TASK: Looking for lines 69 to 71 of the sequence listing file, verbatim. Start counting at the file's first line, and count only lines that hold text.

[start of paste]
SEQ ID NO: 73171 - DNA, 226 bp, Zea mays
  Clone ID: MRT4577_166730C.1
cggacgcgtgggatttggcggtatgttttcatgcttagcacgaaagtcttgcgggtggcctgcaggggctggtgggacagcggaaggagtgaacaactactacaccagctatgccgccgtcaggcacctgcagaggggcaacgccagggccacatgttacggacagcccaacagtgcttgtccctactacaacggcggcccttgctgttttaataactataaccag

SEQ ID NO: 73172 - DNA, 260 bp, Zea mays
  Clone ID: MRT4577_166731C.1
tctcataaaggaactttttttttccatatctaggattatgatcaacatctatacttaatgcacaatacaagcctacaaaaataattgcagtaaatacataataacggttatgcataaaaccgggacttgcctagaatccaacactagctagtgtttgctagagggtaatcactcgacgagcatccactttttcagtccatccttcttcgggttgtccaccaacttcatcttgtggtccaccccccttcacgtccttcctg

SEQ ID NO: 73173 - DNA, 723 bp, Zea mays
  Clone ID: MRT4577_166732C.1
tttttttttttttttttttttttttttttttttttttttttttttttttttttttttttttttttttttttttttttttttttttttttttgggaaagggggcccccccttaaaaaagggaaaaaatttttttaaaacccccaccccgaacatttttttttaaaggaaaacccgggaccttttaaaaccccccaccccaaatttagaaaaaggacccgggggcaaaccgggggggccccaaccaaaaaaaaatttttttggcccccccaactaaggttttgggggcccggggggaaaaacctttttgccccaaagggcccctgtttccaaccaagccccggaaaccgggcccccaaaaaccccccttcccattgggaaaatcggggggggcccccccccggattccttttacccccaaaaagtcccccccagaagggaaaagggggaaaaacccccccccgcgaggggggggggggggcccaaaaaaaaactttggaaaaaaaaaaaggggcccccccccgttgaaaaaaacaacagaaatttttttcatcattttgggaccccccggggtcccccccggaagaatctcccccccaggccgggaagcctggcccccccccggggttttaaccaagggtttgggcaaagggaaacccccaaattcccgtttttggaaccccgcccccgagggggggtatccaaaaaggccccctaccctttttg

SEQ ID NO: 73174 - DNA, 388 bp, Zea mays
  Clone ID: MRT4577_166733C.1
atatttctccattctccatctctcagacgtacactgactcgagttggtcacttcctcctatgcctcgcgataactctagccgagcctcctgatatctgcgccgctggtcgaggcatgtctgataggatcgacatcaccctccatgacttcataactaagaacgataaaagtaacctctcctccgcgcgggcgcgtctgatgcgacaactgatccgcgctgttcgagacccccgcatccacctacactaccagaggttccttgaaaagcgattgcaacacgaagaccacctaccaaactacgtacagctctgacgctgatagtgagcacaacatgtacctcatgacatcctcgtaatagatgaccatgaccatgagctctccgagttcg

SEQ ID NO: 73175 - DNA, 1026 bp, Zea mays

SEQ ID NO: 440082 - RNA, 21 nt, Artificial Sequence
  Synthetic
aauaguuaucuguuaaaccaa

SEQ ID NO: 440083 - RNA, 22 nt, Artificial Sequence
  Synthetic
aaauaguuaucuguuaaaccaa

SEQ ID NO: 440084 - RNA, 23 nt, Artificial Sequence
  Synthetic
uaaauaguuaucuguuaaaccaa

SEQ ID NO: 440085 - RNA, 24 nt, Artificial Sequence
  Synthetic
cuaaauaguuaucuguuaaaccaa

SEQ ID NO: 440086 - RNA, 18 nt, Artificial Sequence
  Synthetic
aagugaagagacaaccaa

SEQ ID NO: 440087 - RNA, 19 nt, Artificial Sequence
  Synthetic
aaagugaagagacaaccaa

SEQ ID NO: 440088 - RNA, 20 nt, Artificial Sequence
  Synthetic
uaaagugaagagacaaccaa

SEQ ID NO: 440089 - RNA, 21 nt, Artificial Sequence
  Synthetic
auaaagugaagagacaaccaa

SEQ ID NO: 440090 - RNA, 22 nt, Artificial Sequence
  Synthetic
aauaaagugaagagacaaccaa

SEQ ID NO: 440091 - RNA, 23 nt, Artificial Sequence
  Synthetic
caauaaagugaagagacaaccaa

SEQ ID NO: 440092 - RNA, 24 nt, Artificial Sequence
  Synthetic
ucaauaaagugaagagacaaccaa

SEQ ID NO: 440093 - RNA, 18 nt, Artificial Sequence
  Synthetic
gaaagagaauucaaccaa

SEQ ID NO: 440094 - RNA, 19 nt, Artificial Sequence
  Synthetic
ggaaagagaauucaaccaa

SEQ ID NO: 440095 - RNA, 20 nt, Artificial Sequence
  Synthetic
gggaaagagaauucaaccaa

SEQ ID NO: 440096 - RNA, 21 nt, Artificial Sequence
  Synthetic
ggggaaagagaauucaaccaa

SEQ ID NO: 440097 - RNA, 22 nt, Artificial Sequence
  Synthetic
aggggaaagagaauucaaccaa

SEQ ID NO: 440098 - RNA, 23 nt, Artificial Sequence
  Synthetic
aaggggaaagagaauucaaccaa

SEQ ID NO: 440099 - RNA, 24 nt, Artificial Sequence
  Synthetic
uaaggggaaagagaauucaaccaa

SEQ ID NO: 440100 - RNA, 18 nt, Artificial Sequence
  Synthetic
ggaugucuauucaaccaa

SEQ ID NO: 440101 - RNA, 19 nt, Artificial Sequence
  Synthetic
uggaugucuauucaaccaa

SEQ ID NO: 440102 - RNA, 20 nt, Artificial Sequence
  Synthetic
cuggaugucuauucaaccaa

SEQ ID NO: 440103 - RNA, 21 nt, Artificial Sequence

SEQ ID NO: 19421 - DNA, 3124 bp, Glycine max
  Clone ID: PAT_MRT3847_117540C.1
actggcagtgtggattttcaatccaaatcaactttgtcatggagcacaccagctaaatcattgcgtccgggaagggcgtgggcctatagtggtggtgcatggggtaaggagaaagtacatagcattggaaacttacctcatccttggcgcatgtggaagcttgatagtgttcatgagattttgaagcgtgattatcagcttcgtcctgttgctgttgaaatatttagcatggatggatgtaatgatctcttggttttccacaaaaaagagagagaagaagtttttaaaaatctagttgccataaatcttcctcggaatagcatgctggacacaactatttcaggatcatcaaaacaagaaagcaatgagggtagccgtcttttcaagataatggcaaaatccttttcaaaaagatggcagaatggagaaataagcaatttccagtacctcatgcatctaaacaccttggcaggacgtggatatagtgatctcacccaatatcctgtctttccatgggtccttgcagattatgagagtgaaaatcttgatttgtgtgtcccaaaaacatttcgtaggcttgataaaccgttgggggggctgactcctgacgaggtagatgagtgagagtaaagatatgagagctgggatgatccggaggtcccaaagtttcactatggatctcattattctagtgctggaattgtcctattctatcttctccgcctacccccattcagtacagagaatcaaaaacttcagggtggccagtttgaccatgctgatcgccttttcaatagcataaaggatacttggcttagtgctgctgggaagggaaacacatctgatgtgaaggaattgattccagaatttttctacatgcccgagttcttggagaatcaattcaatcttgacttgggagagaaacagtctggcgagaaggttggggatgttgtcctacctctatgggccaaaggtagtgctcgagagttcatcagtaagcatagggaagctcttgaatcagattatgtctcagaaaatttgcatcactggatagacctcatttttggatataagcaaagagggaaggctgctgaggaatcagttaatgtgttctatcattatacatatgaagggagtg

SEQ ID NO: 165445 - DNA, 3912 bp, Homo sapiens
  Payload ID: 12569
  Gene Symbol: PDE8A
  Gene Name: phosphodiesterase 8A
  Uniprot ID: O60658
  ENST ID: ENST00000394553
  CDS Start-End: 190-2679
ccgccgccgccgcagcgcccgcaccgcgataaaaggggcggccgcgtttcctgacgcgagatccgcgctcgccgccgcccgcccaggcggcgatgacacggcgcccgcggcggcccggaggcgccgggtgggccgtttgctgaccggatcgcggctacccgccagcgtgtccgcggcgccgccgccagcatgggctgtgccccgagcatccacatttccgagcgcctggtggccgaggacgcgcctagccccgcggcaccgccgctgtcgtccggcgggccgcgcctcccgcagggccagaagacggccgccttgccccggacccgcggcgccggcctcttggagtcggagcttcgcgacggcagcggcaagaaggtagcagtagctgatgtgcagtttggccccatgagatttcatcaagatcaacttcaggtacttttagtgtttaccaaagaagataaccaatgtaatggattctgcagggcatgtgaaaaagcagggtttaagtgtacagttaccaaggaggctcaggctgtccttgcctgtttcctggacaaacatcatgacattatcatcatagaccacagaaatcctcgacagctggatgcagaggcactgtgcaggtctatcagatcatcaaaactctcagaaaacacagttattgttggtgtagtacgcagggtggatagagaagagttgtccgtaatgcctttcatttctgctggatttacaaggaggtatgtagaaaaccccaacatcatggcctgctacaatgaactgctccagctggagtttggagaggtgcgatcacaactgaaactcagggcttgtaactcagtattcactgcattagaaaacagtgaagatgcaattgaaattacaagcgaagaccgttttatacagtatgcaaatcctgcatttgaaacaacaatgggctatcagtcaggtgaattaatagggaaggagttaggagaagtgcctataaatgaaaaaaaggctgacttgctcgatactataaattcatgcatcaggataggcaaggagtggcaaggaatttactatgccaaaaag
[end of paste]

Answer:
  Synthetic
ggaugucuauucaaccaa

SEQ ID NO: 440101 - RNA, 19 nt, Artificial Sequence